A jury in Boston is considering whether the Boston Marathon bomber, Dzhokhar Tsarnaev, should be executed or isolated for the rest of his life at the Administrative Maximum Security Facility in Florence, Colo. Tsarnaev— assuming his attorneys are speaking for him—wants to live, although at age 21 he could anticipate more than half a century of confinement in a place “so isolating that it has been called a clean version of hell.”
If you were convicted of a heinous crime and had to choose, which punishment would you pick?
A. Execution. After a last meal, a prayer and some wrenching farewells to your family, you will be strapped to a gurney and administered a lethal intravenous cocktail that will put you to sleep and then Put You to Sleep. The federal government is out of practice (the last federal execution was Oklahoma City bomber Timothy McVeigh in 2001, who said he welcomed what he called “state-assisted suicide.”) The lethal formula the feds employ has not been disclosed, so there is some chance your end will be unpleasant. You might want to read The Atlantic’s reconstruction of the excruciating death of Clayton Lockett, executed in Oklahoma in December. On the other hand, there is the possibility that during the decade or more of your appeals the Supreme Court or Congress will abolish the death penalty. It doesn’t seem likely, but who knows?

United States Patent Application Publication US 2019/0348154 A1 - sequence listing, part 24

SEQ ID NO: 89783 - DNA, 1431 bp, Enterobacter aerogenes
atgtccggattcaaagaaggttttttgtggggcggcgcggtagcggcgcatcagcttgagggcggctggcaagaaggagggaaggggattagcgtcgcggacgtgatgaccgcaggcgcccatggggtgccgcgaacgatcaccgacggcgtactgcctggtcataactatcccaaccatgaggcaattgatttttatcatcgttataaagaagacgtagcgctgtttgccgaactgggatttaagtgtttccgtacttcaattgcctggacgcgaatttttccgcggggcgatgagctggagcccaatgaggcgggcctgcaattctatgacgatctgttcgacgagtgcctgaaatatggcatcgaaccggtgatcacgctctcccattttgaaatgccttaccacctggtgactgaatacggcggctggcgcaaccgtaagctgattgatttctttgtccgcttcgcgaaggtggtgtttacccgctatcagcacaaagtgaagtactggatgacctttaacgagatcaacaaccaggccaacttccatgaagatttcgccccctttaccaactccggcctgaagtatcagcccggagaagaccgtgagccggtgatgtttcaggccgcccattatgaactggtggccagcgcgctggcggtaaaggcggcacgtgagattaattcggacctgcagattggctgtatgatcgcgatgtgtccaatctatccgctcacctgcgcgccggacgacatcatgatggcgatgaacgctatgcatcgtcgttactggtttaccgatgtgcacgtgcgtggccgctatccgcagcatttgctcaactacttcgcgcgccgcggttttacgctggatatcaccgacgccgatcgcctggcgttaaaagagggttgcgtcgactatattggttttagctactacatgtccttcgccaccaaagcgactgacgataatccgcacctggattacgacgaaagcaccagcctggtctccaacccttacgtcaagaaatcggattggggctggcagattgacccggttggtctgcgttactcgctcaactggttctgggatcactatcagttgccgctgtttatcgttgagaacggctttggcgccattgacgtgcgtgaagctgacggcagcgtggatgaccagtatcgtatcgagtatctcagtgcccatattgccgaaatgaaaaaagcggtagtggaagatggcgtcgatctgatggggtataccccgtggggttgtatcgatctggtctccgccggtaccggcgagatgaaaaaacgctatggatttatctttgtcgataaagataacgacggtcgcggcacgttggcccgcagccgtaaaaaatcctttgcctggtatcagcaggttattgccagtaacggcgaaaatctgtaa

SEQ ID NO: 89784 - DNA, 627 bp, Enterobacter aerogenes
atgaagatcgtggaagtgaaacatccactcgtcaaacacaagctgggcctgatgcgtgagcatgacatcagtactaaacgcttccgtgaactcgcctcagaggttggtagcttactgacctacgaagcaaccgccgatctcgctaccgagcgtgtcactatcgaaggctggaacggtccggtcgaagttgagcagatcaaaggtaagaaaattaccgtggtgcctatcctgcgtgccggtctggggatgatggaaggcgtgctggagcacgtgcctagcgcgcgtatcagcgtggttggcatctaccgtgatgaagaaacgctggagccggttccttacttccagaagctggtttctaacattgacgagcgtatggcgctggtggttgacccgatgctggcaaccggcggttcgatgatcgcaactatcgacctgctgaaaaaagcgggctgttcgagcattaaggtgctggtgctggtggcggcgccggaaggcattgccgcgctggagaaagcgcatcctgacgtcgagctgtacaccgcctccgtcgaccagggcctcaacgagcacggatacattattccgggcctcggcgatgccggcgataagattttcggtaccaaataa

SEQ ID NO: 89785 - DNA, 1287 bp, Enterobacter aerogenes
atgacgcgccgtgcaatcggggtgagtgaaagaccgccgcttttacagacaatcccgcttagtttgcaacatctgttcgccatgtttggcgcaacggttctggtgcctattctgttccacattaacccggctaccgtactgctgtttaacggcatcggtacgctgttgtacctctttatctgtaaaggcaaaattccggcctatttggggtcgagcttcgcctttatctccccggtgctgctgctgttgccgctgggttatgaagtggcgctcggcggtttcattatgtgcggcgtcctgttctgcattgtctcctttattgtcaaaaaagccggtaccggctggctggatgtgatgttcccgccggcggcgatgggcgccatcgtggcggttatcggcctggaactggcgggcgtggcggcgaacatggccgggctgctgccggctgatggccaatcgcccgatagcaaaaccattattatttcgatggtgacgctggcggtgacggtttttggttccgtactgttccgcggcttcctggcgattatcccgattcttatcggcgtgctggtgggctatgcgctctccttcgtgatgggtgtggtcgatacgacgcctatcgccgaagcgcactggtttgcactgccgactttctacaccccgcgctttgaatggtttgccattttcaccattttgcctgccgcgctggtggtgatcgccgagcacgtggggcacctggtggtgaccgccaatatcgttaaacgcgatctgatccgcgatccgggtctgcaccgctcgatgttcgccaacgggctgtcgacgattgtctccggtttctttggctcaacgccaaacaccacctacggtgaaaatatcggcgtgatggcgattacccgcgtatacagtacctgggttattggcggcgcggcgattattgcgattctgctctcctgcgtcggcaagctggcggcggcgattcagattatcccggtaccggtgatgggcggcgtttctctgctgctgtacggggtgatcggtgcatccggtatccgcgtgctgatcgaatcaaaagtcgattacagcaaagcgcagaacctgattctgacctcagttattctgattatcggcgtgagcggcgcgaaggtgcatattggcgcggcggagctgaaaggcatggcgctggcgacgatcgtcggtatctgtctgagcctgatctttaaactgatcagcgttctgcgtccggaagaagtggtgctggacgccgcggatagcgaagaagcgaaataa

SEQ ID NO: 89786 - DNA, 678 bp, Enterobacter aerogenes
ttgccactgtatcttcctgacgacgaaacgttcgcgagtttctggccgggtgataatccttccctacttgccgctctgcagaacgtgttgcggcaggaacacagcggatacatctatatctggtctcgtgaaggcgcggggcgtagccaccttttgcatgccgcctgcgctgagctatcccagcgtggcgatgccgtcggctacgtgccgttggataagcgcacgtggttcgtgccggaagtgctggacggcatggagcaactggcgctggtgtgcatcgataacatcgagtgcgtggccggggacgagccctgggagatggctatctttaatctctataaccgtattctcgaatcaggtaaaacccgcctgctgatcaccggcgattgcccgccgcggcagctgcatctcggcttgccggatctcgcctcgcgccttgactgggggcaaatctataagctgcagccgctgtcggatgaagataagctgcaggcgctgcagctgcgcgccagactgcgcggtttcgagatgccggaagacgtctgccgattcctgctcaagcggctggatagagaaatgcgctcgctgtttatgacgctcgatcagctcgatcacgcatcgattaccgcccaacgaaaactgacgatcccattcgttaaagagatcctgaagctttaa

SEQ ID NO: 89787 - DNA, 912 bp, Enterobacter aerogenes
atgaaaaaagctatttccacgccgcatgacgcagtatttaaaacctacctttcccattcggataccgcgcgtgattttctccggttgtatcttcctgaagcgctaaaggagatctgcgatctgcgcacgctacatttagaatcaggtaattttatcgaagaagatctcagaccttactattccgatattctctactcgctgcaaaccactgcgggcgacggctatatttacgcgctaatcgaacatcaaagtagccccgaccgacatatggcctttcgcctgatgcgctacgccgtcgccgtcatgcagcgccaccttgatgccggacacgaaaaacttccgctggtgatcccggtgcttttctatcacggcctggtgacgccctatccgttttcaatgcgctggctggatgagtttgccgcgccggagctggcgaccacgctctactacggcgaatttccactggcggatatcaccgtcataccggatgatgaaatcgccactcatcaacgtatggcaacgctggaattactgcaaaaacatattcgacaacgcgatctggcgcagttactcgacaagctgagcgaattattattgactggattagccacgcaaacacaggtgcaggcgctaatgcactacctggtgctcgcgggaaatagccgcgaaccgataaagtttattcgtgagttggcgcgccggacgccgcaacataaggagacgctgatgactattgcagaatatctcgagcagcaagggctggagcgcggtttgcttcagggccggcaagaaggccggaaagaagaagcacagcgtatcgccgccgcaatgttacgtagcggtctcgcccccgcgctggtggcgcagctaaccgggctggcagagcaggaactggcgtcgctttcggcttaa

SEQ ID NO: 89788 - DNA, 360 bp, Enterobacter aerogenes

B. Life in a supermax. You will spend the next 50 years or so alone in a 12 x 7-foot cell with a single window four inches wide, at the supermax in the Rockies. Tsarnaev’s lawyers, hoping to convince jurors that this was punishment enough, showed aerial photos of the facility over the objections of the prosecutor, who said the photos were “calculated to make ADX look like an extremely forlorn, forbidding institution.” They succeeded. Inmates at the supermax are permitted two 15-minute phone calls a month, and visits only from parents and siblings. Your mail will be censored, and you will be watched by a closed-circuit camera around the clock. For one hour a day, a wire cage similar to a kennel run will be affixed to a door in your cell and you will be allowed “outside” for “recreation.” Human rights groups call this form of incarceration “torture.” Then again, the prosecutors pointed out that there’s no guarantee you won’t be given a “step-down” to less oppressive conditions.
Those are your options. What, as they say, is your poison?